Benkler and Castells only briefly touch on something we have also briefly discussed in class, the topic of p2p sharing, especially in terms of (free) music, movie, and TV downloads. While I'm human and of course want something free if I can get it, the trend of free file sharing and pirated movies, music, software, etc. does bother me. I suppose it is a human trait to want to keep your money and not spend it if you don't have to. After all you worked hard for that money, so if you can avoid spending it on movies, music, etc. shouldn't you?
However, someone else worked hard to produce that media so why do we believe they should just give it away for free? We wouldn't expect a loaf of bread or a gallon of milk for free just because we don't want to have to pay for it. Now there are the arguments that recording companies and studios make so much money off of their products, which it is implied, is undeserved (and I'm not getting into the unfair payment distributions, that's a whole other issue), so why does it matter if we download it for free? But does anyone really think if all media was either produced by small independent labels/companies, who didn't take big profits, or even self-produced it that there wouldn't be such a proliferation of p2p sharing? I seriously doubt it. This system could also make it harder for the small upstart media companies because people have gotten used to not paying for their media and won't want to start just because its a small company trying to get off the ground and make a profit.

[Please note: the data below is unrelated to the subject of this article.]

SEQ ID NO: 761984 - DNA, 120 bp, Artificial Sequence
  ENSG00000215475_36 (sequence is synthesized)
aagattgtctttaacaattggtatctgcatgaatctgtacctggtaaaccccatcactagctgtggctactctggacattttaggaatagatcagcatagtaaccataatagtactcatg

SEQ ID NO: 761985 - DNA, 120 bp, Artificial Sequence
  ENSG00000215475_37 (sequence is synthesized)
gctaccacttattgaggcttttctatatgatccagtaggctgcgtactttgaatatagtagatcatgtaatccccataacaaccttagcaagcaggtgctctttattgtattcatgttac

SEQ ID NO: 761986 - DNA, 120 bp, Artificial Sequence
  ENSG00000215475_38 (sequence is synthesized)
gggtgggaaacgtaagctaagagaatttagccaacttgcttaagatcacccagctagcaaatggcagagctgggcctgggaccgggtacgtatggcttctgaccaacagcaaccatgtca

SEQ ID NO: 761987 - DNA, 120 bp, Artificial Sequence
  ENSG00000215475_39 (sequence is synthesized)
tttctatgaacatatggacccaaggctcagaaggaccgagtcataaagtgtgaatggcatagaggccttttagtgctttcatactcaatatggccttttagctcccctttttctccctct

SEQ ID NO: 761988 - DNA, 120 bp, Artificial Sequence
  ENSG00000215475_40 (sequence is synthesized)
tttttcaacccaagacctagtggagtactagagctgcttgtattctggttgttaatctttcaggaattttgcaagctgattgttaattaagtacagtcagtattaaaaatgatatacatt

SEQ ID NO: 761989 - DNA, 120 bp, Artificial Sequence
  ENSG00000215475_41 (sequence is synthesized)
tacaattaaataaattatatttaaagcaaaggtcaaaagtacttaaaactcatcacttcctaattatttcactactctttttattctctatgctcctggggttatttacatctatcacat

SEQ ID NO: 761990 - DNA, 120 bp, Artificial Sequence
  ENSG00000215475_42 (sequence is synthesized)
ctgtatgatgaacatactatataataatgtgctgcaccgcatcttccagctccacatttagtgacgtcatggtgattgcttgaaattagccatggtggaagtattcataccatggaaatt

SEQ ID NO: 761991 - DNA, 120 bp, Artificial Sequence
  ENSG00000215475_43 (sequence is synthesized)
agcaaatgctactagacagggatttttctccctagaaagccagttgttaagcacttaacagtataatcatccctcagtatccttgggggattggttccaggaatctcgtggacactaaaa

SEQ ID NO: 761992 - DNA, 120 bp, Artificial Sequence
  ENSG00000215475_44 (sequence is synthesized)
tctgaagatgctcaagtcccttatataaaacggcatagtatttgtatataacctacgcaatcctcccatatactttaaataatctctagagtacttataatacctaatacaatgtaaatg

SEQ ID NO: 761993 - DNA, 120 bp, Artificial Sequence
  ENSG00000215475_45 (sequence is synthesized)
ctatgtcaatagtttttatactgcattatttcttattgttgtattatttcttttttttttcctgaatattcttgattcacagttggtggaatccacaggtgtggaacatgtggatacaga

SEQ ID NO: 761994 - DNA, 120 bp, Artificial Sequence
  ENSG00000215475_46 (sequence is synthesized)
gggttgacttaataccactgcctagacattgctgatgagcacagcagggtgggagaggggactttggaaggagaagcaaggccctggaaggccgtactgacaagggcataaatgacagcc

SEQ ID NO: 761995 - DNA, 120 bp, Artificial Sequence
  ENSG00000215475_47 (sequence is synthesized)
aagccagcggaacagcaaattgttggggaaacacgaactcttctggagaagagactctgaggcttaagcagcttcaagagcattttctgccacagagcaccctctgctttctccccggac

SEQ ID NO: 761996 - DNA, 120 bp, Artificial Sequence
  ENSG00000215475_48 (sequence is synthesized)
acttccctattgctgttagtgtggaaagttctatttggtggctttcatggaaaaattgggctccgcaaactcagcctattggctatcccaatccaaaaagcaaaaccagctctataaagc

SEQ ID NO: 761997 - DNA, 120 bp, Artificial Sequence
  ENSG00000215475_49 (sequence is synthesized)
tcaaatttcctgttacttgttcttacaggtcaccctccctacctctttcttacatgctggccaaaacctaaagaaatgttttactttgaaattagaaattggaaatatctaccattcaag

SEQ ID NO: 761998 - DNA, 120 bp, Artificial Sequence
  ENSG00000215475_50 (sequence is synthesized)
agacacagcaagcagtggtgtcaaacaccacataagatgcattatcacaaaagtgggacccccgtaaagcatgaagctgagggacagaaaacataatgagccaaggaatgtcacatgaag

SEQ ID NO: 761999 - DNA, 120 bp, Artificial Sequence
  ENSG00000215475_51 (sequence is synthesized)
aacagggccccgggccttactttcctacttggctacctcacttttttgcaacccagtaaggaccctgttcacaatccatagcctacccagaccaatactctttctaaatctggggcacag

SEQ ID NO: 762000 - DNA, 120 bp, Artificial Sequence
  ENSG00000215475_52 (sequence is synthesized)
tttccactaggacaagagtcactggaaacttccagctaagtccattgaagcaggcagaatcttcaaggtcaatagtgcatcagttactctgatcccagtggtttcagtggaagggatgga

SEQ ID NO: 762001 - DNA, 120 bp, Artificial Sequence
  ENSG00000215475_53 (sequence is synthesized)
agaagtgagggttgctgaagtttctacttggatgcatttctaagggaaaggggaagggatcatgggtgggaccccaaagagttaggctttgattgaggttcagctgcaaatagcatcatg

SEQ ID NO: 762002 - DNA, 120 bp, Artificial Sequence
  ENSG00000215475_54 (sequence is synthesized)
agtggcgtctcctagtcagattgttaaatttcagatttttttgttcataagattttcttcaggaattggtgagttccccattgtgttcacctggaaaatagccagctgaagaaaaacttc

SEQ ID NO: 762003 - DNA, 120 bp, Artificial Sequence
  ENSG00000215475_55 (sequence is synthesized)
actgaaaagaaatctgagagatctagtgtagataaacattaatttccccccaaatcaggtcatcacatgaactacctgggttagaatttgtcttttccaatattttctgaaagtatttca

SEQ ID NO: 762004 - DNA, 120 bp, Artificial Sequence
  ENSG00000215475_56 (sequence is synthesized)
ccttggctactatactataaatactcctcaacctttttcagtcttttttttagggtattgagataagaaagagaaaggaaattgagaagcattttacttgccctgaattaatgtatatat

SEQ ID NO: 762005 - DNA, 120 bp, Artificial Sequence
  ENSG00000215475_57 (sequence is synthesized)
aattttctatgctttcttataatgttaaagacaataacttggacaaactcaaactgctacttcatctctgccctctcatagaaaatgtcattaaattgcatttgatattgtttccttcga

We've seen this trend with newspapers too. People don't want to pay for online subscriptions (full disclaimer, I'm totally guilty of this too) and so the companies have to turn to the dwindling ad revenues to keep their sites and sometimes the entire paper afloat.
People still get annoyed if they have to wait through commercials for free online content, as we've discussed in class. However, someone has to pay for the work to be done. If no one pays musicians, writers, actors, directors to produce the media, they're going to find another job that will pay them and our media supply will decline. They might continue to produce media on the side because they like it, but it won't be of the same quantity and quality as if they could produce it for a full-time job.
While there are many issues involved in this discussion, to me, one of the main points it boils down to, is why do we think its ok to not pay media producers for their time, effort, and products? Isn't it a commodity just like everything else we pay for?